That is not to say that governments are incapable of pursuing innovation. Hoque uses AI as an example, and notes how there are certain elements of the platform that are being actively researched and advanced that the private sector hasn’t seen yet – although they soon will. The issue with certain technological platforms and the ability for governments to quickly and easily develop them is their implications for existing legal frameworks.
“[Blockchain has] regulation and security issues that are associated with it, so governments have been very slow at updating the programs and policies that drive certain adaptations or improvements in the technology”
“If you look at something like blockchain,” Hoque says, “there are regulation and security issues that are associated with it, so governments have been very slow at updating the programs and policies that drive certain adaptations or improvements in the technology. They always are, unless it’s a question of national security. Then, it’s a whole different ball game.”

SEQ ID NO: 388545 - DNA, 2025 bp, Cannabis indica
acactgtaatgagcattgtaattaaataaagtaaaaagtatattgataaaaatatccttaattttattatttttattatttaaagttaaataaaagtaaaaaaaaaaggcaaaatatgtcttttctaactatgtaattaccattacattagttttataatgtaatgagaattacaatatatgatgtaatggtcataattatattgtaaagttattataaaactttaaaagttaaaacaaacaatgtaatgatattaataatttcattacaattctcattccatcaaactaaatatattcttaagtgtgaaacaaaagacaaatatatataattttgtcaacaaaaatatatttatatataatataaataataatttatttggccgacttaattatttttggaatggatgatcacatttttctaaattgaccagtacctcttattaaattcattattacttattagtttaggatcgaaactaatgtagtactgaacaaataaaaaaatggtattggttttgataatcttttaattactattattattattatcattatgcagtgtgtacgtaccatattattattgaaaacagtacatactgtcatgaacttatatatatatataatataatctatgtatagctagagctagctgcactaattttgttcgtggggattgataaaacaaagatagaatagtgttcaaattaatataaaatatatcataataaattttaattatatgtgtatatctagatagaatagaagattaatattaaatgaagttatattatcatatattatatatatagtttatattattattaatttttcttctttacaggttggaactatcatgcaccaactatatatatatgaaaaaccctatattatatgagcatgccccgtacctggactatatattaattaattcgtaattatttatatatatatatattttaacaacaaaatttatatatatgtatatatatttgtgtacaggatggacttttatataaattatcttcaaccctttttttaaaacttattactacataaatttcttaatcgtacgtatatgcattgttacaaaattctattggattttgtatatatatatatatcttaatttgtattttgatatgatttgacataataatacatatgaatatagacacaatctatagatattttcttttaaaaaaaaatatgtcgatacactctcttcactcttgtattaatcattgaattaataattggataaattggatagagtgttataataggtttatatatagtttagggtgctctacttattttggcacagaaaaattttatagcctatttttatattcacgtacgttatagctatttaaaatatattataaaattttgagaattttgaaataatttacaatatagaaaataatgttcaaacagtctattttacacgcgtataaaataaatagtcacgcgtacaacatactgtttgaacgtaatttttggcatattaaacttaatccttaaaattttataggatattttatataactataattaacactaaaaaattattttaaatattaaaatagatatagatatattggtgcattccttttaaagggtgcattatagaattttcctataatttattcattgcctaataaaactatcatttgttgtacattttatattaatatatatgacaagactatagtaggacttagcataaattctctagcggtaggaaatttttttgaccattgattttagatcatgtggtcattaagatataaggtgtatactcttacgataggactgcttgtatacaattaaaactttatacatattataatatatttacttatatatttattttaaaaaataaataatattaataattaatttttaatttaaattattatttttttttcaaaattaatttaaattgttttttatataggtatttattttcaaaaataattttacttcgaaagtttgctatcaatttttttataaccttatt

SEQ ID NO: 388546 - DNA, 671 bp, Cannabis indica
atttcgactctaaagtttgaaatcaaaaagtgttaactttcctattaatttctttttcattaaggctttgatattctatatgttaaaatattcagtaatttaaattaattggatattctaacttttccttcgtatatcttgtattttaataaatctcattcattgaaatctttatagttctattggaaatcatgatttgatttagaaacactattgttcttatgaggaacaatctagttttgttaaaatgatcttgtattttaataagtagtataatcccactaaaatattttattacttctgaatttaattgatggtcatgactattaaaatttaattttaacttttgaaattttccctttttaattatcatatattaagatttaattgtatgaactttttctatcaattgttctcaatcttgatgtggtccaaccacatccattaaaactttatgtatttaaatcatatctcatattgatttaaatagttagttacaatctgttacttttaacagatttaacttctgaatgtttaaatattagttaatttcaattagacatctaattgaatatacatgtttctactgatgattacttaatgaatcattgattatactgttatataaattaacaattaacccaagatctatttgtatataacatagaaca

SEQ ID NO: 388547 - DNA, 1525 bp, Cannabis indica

Hoque points out examples of this hierarchy in GovTech development priorities, ranging from citizen alerts through to offensive and defensive cybersecurity. In these areas, he says, the government is quite advanced. Clearly, there is no set policy that dictates the degree to which public sector innovation is allocated time and resources – the deciding factor is rather the importance given to its development by respective government departments.
Collaboration Between the Public and Private Sectors
The importance that is assigned to certain avenues of tech development can result in a third branch of GovTech implementation: the collaboration between governments and private companies.
There is, historically, a problem of digital development taking place in government silos, limiting the collaboration between different departments. However, the scope for governments and private companies to work together is immense, and has already seen successful results.